[ noun pree-fiks; verb pree-fiks for 3, 4, 6; pree-fiks for 5 ]
/ noun ˈpri fɪks; verb ˈpri fɪks for 3, 4, 6; priˈfɪks for 5 /
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See synonyms for: prefix / prefixed / prefixes / prefixing on Thesaurus.com

Grammar. an affix placed before a word, base, or another prefix to modify a term's meaning, as by making the term negative, as un- in unkind, by signaling repetition, as re- in reinvent, or by indicating support, as pro- in proabolition. Compatible prefixes can work together, as un- and re- in unrefundable.
something prefixed, as a title before a person's name: She uses the prefix “Ms.” rather than "Mrs."
verb (used with object)
to fix or put before or in front: to prefix an impressive title to one's name.
Grammar. to add as a prefix.
to fix, settle, or determine beforehand: If you call a taxi, the rate to the airport will be prefixed.
Biology. to apply the first of two fixatives to.
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Origin of prefix

First recorded in 1375–1425 for verb; 1640–50 for noun; late Middle English verb prefixen, prefyxe, from Middle French prefixer, from Latin praefixus, past participle of praefīgere “to set up in front”; English noun praefix, prefix, from New Latin praefixum, neuter of praefixus; see pre-, fix

grammar notes for prefix

A prefix is one kind of affix. An affix is an element that, although not a word itself, can be bound to a word, or to the base or stem of a word, to form a derivative with a related meaning. Entire families of related words can be derived from an existing word in this way.
Although linguists sometimes divide the subject more finely, there are essentially three kinds of affix —the prefix, attached to the beginning (as un- in unconscious ), the infix, inserted in the middle, and the suffix, tacked on at the end (as -ness, in consciousness ). Note the lack of an example for infix. Standard English—unlike some other languages—does not use infixes, unless we count isolated instances of tmesis, where instead of an affix, an entire word is inserted, as in the playful “abso-bloomin'-lutely” in the lyrics of “Wouldn't It Be Loverly?”—a song from the musical My Fair Lady. (“Bloomin'” is probably a euphemism; other tmetic insertions are more often than not obscene.) But one-shot nonce words such as “abso-bloomin'-lutely” are neither added to the language nor found in standard dictionaries of English. On the other hand, both prefixes and suffixes are highly productive derivational forms, constantly in use to form new English words.
A few of the most productive English prefixes are anti-, non-, pre-, re-, sub-, and un-. They are so common that some print dictionaries show simple lists, without definitions, of words that have been formed with them—taking it for granted that their meanings are obvious. Here at Dictionary.com, however, such terms, when not given entries and definitions of their own, are shown with other related forms at the bottom of the entry for the word on which the derivative is based. Thus a query for unacetic will take you automatically to acetic, helping you to understand your queried word without having to look up its bits and pieces separately.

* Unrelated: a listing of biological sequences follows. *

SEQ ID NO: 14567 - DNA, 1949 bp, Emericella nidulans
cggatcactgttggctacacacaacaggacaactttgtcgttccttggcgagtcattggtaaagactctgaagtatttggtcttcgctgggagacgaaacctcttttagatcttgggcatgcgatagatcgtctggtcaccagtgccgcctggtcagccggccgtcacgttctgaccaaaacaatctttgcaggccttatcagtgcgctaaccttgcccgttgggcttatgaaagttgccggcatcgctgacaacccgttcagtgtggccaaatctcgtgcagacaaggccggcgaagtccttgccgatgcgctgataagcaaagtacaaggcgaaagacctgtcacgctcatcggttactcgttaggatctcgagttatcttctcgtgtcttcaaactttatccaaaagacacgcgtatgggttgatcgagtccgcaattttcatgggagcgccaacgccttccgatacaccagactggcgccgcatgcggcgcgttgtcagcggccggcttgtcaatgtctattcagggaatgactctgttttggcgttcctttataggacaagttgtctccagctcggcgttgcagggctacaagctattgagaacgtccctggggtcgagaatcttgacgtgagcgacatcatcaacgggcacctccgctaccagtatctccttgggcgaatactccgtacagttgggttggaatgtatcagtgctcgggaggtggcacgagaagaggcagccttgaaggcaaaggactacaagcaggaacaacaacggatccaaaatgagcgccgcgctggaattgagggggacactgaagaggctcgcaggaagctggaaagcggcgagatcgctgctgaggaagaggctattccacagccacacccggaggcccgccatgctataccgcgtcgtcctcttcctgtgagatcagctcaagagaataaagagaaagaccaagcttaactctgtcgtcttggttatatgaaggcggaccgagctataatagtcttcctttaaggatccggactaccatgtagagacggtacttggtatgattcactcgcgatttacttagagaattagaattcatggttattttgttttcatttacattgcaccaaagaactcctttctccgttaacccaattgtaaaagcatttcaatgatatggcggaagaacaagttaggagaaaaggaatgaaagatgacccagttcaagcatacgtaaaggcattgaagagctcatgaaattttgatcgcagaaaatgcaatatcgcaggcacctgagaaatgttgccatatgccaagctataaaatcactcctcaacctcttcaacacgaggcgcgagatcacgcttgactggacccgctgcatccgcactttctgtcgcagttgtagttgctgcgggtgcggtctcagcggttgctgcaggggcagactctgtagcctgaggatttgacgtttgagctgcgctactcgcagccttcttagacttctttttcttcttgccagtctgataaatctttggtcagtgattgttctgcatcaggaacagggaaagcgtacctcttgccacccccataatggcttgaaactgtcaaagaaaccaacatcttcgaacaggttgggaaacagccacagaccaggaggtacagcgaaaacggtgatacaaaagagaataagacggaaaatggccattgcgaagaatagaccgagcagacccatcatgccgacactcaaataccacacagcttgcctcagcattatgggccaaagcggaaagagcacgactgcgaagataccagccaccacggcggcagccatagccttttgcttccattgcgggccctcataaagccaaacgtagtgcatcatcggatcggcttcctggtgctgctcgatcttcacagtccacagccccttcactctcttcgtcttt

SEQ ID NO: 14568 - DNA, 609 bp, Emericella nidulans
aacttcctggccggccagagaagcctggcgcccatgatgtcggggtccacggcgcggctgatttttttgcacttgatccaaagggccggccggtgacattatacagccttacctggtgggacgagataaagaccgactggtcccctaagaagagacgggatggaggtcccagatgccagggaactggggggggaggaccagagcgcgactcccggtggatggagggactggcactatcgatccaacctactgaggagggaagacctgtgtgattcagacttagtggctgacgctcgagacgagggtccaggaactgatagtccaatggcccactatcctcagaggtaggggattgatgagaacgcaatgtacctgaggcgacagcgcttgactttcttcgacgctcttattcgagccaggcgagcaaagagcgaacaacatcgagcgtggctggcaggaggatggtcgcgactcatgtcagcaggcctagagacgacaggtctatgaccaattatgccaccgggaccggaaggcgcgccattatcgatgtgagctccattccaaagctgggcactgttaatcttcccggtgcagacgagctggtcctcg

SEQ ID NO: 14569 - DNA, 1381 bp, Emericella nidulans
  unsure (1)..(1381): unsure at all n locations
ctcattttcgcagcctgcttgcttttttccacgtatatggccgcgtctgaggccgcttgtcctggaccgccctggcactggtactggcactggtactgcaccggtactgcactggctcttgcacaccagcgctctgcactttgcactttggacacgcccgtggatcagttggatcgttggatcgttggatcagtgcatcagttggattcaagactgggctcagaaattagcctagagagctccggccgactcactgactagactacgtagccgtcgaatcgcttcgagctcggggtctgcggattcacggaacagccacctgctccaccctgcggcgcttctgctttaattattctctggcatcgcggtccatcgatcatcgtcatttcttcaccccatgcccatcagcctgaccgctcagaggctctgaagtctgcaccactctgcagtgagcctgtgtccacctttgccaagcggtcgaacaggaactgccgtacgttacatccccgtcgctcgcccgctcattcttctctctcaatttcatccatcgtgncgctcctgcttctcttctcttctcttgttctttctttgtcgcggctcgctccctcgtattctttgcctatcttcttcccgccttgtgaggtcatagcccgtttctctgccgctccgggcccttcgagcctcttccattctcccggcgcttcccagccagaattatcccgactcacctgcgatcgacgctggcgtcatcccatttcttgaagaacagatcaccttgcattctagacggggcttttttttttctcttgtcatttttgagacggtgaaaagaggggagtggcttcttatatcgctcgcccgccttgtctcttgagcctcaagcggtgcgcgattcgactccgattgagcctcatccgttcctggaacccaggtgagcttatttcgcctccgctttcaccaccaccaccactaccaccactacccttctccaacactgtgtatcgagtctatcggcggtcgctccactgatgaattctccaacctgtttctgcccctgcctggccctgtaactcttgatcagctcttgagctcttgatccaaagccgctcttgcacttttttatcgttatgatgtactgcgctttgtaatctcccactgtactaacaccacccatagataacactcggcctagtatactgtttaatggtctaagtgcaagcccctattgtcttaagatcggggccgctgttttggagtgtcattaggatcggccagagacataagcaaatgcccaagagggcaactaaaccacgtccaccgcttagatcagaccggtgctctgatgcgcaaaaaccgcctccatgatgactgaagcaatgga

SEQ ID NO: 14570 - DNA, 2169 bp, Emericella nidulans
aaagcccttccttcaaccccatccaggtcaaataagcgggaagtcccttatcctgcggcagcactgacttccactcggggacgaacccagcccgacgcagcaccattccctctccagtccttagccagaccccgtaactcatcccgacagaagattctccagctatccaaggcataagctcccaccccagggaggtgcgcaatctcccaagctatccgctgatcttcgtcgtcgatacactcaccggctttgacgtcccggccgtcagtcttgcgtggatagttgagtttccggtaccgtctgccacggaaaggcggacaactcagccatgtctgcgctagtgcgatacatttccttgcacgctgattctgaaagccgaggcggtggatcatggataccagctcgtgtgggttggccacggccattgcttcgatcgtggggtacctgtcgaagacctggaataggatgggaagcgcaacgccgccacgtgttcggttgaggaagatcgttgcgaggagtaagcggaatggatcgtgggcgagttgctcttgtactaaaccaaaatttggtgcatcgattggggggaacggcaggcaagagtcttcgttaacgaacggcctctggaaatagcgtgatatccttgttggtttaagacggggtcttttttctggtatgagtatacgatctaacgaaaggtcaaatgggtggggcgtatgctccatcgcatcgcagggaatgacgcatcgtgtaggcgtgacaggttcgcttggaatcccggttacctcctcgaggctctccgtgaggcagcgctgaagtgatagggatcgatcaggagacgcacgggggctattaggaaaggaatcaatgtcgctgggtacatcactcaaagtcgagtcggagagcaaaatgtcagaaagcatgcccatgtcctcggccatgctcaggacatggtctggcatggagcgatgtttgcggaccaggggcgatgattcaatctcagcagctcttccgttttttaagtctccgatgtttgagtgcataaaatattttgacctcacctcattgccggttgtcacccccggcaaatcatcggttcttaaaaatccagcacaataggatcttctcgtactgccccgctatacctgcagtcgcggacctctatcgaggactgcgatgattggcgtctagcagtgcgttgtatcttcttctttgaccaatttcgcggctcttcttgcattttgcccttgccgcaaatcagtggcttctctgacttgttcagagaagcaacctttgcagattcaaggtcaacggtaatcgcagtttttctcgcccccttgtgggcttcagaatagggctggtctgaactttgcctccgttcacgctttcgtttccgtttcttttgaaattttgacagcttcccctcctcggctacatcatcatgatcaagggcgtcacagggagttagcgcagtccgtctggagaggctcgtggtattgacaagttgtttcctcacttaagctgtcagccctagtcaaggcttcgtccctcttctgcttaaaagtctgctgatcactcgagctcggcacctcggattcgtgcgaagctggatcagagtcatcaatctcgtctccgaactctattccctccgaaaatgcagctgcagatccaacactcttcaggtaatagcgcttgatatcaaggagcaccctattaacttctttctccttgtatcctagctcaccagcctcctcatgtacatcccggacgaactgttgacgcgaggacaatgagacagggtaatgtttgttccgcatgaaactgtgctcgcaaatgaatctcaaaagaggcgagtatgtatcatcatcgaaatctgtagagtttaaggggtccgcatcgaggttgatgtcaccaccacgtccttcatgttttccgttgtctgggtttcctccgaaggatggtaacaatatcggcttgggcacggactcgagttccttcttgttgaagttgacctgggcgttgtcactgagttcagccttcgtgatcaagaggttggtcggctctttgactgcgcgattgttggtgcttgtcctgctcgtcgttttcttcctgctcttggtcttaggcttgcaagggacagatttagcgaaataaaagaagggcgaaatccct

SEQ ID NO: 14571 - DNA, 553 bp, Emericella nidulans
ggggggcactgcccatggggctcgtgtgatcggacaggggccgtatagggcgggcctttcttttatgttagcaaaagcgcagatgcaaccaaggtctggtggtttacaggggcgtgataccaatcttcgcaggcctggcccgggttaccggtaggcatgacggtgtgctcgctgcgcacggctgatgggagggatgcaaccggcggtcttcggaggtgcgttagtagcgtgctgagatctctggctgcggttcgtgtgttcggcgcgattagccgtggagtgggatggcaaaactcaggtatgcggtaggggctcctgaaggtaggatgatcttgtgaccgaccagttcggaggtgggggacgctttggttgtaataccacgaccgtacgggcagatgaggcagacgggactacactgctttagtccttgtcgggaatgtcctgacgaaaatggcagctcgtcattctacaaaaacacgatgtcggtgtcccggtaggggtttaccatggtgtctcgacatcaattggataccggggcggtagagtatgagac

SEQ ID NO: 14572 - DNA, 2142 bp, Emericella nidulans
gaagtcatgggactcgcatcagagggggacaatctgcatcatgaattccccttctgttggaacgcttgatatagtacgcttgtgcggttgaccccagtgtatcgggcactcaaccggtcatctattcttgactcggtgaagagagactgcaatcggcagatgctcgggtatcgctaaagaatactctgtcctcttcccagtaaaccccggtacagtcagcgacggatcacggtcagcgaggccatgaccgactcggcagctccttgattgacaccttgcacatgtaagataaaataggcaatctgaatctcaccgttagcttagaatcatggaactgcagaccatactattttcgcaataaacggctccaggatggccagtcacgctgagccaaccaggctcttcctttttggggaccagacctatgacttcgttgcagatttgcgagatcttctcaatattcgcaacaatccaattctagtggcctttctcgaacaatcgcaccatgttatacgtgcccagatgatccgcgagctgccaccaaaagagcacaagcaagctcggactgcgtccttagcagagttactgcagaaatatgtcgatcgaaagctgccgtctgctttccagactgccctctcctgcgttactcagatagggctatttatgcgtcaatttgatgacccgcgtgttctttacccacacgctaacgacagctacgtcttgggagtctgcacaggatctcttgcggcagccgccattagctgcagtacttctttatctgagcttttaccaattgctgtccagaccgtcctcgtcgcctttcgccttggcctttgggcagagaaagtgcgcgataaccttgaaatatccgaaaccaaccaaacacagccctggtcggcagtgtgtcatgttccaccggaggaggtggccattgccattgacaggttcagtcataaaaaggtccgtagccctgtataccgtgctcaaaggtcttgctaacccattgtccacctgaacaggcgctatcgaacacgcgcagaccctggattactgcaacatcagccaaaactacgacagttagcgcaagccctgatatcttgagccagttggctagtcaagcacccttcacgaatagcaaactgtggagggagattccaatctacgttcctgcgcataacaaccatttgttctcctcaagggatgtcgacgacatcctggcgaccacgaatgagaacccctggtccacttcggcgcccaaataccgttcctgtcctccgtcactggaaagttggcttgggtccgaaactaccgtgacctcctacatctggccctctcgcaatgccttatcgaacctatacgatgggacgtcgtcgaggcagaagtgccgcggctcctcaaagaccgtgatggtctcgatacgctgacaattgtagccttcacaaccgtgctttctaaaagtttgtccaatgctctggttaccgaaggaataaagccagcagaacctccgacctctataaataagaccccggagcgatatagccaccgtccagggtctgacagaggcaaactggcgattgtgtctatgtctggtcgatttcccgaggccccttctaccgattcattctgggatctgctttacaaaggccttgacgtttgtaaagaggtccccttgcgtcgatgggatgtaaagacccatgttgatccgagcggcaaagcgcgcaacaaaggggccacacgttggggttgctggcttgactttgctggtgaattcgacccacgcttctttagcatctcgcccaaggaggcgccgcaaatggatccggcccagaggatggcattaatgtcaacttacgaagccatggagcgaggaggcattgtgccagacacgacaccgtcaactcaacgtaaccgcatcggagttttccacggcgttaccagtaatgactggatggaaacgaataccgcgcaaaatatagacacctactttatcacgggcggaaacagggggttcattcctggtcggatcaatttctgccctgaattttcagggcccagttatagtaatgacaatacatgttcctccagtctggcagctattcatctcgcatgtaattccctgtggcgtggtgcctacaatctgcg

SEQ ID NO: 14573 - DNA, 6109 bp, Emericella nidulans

The grammatical term prefix itself has the prefix pre-; in this case, pre- means “before; preceding” and one meaning of fix is “to attach or place.” A word can have more than one prefix, like un- and re- in unremarkable. And a prefix can be used in combination with one or more suffixes. A simple example is reactivate, which has the prefix re- “again” added to the verb activate. Activate, in turn, is composed of the adjective active “engaged in action” and the suffix -ate, used to form verbs. Activate means “to make something active; cause it to function.” To reactivate is to do this again. But we must exercise some care in our analysis of words that are new to us; a casual glance at word formations may be deceptive. For example, to capitulate is “to surrender.” But recapitulate does not mean “to surrender again.” It means “to summarize.” In addition, some prefixes have more than one meaning. For example, if you look up un- in Dictionary.com, you'll find two entries. The first, un-1, means “not” (as in unafraid and unsettled ), the second, un-2, reverses the meaning of the verb it is attached to, as in unzip or in the social media term unfriend.
But the most common problem with words formed with prefixes is determining whether or not to hyphenate between the prefix and the base word. Luckily, there are some guidelines. In general, there is no hyphen ( nonstarter, postcranial, unemployment, antievolution ). However, hyphenating is mandatory when the prefix is followed by a capital letter ( anti-Nazi, pre-Columbian ). We also hyphenate when a prefix that ends in a or i precedes a word starting with the same letter ( ultra-abysmal, anti-inflation ). However, words formed with prefixes ending in e or o followed by the same letter are in a state of flux ( cooperate and co-operate are variants, as are preeminent and pre-eminent ), but the solid form is increasingly more frequent. At the same time, certain words must be hyphenated to avoid ambiguity or misreading. re-sign (to sign again) is different from resign (to give up an office or position), and re-ink (to apply ink again) would look like some strange one-syllable word if spelled reink.